Jennifer Chung '02
Novel contest taps Boeing engineer’s creative side
Last year Terroryaki! won Jennifer K. Chung ‘02, a Seattle-based software engineer, the top prize in the 3-Day Novel Contest, a 72-hour fiction-writing marathon held each Labor Day. That prize was a publishing contract: her book comes out this September.
Why did she enter? “It sounded like an interesting and creative challenge,” says Chung, who was a reporter for the Tech and wrote games for the MIT Assassins’ Guild. “I have returned to writing in the past couple of years. I participated in National Novel Writing Month in 2008, ‘09, and ‘10.”
At MIT, Chung majored in computer science and engineering and minored in music. As she approached graduation, other interests consumed her writing time. With friends, she launched Tuneprint, a now defunct digital-music startup that worked on song-identification technology. In 2003 she took a job as a software engineer for Boeing, and today she works in the company’s Seattle office on developing ground-control-station software for unmanned air vehicles.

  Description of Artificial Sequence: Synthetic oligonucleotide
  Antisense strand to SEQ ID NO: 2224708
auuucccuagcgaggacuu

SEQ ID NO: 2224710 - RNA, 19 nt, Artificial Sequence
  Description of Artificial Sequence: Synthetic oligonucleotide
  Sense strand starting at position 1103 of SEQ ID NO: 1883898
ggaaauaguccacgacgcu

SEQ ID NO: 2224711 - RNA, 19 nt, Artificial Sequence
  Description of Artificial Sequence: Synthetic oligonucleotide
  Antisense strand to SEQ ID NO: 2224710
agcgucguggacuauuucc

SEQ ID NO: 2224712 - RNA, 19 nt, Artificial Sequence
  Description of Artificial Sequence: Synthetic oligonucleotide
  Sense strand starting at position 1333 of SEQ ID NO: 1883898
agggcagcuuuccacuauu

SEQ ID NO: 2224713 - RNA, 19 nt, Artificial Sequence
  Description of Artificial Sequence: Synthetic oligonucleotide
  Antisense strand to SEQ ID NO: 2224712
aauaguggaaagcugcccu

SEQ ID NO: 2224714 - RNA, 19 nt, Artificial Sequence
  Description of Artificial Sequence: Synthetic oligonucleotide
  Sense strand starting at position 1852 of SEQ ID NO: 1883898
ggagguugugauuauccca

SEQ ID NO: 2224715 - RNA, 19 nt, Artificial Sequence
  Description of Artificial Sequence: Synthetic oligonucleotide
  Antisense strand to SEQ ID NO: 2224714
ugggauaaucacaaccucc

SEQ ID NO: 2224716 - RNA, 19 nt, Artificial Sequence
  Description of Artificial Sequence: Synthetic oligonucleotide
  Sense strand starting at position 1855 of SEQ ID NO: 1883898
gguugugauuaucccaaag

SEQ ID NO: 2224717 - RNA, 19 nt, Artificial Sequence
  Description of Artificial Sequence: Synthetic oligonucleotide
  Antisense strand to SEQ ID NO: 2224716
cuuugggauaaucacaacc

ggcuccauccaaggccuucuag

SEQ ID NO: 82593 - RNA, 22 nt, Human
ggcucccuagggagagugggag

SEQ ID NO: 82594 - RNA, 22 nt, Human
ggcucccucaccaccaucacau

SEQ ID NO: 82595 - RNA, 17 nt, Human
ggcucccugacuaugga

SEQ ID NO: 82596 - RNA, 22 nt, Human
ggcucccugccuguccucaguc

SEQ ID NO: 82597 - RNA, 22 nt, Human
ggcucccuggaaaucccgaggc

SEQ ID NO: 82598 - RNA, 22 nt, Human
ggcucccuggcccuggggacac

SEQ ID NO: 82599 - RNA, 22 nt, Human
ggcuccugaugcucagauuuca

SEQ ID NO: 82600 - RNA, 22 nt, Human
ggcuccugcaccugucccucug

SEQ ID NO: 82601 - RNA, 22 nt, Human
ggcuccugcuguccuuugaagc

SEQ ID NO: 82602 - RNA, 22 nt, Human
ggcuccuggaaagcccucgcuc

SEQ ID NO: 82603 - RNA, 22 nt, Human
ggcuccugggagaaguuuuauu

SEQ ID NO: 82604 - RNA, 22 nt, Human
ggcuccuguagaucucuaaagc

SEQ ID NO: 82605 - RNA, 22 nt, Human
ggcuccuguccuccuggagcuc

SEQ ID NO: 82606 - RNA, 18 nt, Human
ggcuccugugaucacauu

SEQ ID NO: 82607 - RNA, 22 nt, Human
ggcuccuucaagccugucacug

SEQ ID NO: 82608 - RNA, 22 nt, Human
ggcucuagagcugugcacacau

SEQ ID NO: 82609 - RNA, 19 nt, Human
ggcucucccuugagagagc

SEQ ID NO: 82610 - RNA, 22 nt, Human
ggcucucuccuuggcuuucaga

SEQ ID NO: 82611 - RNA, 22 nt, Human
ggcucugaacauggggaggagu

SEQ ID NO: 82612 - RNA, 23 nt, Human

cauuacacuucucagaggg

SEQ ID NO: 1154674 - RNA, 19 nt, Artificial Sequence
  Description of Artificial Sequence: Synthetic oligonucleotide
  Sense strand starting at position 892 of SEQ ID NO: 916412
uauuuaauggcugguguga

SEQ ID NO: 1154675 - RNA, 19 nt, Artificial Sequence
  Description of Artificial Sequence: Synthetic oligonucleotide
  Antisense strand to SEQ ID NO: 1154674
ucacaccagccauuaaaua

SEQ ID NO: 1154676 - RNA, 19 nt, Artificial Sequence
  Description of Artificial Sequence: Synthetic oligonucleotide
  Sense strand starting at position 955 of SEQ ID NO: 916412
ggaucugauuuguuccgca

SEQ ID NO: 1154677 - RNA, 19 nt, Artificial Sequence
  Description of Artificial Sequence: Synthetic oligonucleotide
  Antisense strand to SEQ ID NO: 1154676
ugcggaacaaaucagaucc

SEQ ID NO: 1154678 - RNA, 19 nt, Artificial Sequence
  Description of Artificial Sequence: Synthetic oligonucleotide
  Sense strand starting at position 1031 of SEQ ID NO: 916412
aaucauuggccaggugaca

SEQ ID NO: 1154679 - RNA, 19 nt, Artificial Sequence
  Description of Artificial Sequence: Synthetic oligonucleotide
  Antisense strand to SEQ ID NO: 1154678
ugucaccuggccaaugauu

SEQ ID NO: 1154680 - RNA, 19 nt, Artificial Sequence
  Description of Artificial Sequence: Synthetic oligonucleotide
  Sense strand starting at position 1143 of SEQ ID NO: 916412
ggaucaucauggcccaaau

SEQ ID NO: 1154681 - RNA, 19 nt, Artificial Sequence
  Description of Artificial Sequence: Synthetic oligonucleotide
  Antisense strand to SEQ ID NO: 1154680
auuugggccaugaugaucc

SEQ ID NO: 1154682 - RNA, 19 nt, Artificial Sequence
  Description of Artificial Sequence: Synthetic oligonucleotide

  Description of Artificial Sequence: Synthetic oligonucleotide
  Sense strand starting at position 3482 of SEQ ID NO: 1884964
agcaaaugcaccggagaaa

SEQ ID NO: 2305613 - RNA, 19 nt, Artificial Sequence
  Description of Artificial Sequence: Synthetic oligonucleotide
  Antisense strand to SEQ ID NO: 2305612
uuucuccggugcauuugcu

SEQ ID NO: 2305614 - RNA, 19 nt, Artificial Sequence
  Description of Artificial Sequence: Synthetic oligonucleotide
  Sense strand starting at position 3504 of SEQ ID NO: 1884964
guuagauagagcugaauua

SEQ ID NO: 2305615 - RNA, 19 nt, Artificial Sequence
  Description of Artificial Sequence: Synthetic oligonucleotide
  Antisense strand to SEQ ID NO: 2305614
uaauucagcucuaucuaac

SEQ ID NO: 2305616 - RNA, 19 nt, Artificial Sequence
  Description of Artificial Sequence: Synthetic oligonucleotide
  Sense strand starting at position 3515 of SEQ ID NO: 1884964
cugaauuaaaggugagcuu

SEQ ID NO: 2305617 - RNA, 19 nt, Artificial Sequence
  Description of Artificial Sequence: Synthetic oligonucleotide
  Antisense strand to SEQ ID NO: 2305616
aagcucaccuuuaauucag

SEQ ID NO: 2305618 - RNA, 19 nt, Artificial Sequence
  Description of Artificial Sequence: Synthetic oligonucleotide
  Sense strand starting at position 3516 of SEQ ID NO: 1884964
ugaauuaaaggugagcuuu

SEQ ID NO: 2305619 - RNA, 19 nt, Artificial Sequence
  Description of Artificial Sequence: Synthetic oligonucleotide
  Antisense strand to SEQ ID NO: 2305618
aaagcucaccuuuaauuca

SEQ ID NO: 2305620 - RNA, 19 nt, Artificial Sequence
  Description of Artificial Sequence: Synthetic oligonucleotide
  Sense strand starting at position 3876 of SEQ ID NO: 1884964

The novel contest’s intensity reminded her of her college days. To begin, she had two ideas, one serious and the other quirky. By the next morning, she had decided to go with the quirky story line: her heroine was a foodie hunting for an otherworldly take-out truck with fabulous chicken teriyaki while her sister was a few months away from a wedding to a “hopelessly white fiancé” whom their Taiwanese parents didn’t like. Chung was writing the manuscript, which totaled nearly 100 pages, right to the end of the three days. Fortunately, she got to revise and expand Terroryaki! before publication.
Music is another renewed interest for Chung, who began playing piano at age four. At MIT she was an accompanist for music students and the MIT Musical Theatre Guild and the MIT Gilbert & Sullivan Players. In the past year, she’s begun playing keyboard for a Goth metal band called Red Queen Theory (www.rqtheory.com).
She’s an active volunteer as well. As a member of a Boeing leadership development program, she has worked with middle-school students on a regional math competition and other activities. Chung also volunteers for MIT as an educational counselor. During interviews with prospective students, she describes campus life and looks for students with deep interests, a characteristic that will help them succeed. “MIT students get passionate,” she says.